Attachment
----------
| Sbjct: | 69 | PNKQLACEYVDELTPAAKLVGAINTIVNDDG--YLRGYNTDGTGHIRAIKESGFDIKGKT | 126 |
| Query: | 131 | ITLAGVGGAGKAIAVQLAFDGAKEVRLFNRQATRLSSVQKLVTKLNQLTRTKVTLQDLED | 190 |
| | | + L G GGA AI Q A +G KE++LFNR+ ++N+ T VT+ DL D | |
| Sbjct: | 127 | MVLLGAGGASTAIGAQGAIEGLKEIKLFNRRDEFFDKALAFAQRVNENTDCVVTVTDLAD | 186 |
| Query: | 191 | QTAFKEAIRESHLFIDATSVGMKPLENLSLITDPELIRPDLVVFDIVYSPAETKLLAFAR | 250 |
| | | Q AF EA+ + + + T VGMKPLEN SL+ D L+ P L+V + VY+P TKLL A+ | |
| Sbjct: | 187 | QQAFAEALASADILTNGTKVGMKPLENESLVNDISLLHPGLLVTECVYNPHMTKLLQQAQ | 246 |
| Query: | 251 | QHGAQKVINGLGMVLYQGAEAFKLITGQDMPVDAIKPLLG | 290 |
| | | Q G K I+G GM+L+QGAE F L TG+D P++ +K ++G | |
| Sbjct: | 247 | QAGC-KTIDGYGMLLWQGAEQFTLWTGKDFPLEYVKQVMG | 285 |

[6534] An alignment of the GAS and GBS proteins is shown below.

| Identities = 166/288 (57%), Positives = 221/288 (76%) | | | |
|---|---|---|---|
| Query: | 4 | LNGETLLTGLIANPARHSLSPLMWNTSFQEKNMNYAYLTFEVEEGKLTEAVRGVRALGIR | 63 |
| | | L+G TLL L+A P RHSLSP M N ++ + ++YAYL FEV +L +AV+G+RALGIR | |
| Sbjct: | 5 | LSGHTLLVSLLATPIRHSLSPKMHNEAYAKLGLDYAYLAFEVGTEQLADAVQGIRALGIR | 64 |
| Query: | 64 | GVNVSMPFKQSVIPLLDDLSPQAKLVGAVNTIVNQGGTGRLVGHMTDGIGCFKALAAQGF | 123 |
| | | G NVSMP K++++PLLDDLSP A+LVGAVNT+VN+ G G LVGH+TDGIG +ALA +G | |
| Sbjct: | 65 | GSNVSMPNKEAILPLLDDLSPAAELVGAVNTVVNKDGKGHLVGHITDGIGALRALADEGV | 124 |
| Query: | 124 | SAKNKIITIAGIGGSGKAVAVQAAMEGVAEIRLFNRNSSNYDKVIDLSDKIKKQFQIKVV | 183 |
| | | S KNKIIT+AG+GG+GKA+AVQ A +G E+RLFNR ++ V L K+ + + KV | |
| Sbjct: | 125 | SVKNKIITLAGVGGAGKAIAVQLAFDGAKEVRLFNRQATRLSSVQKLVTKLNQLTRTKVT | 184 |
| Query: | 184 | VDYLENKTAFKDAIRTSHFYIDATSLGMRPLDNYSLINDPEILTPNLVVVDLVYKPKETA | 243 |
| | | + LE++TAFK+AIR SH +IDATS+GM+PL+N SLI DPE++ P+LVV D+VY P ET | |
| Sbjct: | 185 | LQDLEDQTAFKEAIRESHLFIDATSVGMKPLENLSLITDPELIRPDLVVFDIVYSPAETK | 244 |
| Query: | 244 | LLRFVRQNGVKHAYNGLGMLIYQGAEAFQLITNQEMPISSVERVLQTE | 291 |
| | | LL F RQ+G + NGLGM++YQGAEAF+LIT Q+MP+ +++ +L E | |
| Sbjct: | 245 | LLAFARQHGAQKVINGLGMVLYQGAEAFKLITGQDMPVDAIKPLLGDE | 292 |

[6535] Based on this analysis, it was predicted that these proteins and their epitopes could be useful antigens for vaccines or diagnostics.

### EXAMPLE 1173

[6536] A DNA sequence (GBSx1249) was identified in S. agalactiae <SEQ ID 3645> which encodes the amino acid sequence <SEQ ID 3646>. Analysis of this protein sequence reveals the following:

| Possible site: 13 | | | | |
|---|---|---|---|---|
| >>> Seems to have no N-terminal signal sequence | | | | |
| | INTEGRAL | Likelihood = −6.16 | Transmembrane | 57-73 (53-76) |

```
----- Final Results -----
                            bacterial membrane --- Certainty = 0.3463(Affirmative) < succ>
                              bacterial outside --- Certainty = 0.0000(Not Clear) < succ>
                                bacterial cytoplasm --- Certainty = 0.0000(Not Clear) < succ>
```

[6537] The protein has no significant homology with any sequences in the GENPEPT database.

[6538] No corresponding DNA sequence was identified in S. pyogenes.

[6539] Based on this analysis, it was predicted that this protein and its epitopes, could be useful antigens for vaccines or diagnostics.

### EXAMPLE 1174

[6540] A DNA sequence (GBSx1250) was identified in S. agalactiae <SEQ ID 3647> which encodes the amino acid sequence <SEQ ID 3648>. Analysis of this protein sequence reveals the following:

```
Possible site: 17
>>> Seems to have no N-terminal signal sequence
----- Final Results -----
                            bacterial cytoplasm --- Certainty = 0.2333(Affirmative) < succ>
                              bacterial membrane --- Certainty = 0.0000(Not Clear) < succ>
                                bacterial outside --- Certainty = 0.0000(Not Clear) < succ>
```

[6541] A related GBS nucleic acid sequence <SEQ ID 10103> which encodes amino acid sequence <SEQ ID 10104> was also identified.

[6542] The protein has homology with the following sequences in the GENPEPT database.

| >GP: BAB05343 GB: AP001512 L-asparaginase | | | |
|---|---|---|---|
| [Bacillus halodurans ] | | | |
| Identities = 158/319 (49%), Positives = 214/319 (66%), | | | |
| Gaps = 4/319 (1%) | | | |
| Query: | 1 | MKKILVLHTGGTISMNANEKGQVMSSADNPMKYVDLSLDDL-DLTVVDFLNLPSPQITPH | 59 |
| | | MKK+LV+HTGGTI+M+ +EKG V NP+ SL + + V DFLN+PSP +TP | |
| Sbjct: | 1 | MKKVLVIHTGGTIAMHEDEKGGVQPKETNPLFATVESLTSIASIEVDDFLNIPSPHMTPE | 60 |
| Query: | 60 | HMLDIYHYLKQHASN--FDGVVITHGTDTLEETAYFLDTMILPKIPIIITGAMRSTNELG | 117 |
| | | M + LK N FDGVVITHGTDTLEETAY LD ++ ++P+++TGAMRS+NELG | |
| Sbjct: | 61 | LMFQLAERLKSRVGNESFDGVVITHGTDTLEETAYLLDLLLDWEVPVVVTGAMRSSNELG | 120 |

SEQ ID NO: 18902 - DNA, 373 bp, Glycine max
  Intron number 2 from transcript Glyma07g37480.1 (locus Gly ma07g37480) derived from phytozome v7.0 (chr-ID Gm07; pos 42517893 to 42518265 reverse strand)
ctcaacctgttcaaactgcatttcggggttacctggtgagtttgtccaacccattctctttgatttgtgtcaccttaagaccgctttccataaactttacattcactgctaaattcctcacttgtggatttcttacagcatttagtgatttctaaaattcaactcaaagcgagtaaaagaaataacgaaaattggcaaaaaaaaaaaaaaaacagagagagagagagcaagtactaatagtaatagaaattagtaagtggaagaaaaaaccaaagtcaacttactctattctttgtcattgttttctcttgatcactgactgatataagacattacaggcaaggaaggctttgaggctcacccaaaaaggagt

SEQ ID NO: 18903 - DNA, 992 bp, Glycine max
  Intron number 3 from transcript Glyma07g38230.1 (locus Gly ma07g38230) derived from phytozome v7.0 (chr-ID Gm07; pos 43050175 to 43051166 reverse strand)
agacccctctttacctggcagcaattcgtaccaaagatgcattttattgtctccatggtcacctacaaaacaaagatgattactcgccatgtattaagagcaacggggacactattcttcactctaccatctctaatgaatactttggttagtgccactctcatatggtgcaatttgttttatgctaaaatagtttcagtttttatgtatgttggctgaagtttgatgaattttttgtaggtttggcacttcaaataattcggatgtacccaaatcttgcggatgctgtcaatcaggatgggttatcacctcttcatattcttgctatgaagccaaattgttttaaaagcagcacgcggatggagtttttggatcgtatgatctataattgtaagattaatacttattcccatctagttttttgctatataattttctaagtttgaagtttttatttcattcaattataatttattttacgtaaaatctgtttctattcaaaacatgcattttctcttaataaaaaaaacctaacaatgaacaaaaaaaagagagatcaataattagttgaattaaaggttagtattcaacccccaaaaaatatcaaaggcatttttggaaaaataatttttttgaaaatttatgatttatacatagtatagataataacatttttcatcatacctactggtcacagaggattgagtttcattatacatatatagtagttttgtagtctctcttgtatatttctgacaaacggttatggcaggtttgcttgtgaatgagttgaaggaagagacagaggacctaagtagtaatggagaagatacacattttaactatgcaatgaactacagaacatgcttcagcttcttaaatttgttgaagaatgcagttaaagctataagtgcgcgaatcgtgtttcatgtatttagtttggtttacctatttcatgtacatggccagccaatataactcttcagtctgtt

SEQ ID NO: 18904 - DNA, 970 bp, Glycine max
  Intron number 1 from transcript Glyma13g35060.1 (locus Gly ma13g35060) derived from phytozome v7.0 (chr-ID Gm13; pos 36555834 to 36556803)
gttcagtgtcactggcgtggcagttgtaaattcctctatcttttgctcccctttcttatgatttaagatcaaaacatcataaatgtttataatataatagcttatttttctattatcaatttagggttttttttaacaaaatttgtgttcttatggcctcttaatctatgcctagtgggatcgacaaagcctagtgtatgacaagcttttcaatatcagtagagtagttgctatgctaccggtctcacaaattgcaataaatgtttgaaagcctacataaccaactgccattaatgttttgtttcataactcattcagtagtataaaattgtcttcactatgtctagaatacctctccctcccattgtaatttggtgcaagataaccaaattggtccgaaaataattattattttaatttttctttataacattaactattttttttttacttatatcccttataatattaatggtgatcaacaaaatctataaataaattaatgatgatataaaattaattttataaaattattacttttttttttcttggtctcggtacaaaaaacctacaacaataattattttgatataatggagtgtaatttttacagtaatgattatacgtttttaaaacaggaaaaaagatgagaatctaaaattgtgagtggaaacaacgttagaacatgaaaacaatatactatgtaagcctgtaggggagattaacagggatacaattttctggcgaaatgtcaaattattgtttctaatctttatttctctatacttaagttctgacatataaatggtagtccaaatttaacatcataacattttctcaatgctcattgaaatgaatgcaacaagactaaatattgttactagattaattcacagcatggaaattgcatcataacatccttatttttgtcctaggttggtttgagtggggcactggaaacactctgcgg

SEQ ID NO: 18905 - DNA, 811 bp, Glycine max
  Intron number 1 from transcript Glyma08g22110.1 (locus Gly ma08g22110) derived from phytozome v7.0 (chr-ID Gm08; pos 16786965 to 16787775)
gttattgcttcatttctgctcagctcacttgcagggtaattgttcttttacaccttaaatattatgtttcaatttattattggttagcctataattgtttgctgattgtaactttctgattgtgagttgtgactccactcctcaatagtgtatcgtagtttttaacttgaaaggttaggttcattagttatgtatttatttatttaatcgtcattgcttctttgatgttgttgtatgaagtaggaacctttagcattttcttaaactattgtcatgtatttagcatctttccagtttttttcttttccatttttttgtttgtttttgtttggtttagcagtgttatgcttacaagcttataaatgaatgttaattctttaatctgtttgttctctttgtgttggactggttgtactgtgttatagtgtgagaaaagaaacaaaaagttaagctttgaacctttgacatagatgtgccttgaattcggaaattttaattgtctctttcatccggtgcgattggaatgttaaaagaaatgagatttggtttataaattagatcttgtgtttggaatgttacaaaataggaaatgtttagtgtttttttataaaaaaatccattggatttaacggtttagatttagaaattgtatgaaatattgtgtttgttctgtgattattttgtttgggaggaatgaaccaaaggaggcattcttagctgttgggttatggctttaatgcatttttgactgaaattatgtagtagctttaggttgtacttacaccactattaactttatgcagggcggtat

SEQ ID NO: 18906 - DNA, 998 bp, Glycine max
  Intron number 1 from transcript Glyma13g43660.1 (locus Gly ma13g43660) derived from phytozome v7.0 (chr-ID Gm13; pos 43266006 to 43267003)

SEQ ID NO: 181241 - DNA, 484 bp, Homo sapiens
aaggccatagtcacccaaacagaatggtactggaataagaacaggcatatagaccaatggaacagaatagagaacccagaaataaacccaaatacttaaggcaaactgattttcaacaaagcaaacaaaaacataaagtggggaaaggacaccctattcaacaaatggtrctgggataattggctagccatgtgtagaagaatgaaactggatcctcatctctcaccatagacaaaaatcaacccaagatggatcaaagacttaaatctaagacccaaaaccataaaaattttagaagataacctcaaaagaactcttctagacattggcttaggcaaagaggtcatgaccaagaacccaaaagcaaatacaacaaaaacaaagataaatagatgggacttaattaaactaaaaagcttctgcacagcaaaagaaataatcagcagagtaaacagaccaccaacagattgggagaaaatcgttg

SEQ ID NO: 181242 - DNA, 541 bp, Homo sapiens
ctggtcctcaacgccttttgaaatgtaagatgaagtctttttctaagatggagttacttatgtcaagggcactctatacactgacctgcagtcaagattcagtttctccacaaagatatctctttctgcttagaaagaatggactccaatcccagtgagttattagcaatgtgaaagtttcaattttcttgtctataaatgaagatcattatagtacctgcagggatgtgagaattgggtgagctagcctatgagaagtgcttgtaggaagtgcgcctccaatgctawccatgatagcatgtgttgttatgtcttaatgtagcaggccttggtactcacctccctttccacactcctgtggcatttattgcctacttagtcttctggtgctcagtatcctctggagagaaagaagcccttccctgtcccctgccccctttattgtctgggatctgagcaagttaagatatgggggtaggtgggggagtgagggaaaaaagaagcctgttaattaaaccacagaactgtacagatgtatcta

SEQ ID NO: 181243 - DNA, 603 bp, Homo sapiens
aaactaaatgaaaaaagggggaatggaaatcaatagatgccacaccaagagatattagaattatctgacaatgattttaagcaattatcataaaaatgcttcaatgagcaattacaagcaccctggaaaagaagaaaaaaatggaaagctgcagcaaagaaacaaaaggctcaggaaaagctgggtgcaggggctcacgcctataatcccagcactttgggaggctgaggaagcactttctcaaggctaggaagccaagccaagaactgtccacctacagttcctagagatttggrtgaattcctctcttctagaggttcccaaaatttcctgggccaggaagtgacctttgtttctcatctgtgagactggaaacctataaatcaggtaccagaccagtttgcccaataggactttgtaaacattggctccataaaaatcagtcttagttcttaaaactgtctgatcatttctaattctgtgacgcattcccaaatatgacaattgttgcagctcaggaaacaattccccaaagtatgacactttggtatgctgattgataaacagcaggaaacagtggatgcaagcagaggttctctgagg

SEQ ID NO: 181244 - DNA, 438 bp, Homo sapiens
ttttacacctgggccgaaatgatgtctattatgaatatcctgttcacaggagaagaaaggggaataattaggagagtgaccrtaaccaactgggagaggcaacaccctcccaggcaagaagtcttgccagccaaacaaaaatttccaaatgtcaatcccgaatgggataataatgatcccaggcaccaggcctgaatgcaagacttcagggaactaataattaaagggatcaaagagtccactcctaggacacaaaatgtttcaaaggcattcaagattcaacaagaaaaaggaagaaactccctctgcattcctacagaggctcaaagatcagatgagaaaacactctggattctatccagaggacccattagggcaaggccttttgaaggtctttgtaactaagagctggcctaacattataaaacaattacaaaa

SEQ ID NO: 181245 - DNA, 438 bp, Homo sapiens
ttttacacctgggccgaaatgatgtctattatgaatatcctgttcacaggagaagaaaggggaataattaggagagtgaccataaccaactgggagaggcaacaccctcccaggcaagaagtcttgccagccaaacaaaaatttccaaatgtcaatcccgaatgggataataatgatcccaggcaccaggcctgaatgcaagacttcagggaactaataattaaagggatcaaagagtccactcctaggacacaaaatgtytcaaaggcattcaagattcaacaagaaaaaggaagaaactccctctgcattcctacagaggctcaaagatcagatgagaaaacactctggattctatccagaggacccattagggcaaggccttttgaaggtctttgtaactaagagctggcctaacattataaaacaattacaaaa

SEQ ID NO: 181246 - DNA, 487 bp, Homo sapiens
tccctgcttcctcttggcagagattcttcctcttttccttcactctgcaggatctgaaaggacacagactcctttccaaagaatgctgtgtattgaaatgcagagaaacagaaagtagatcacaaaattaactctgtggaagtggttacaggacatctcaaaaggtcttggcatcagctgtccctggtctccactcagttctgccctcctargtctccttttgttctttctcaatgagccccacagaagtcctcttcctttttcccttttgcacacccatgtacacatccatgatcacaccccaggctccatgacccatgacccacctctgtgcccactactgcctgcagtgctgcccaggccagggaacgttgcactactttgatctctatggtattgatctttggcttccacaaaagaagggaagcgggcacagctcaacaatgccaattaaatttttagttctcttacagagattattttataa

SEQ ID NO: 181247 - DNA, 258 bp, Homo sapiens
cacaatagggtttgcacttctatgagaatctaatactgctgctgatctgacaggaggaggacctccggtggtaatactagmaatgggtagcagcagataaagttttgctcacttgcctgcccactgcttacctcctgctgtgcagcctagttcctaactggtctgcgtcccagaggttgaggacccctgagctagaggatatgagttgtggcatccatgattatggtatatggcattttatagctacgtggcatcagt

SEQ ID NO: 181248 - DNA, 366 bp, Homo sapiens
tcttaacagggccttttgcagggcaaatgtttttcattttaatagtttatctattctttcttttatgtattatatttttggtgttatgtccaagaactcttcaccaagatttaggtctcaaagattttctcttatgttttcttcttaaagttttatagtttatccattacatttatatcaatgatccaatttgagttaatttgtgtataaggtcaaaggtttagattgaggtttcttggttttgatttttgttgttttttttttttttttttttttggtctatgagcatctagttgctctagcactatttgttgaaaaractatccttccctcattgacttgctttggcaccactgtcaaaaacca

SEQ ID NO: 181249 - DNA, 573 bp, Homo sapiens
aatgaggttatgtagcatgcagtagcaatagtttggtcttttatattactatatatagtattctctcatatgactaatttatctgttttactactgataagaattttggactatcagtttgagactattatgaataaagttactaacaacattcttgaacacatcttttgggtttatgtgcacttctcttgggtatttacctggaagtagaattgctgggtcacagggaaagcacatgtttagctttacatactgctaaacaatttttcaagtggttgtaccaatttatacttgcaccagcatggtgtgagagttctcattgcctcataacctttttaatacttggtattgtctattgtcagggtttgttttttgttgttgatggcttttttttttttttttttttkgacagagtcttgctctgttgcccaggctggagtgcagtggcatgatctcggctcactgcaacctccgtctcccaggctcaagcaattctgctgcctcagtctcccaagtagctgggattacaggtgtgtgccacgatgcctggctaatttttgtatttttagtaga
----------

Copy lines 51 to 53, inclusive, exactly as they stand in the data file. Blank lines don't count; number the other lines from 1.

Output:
                            bacterial cytoplasm --- Certainty = 0.2333(Affirmative) < succ>
                              bacterial membrane --- Certainty = 0.0000(Not Clear) < succ>
                                bacterial outside --- Certainty = 0.0000(Not Clear) < succ>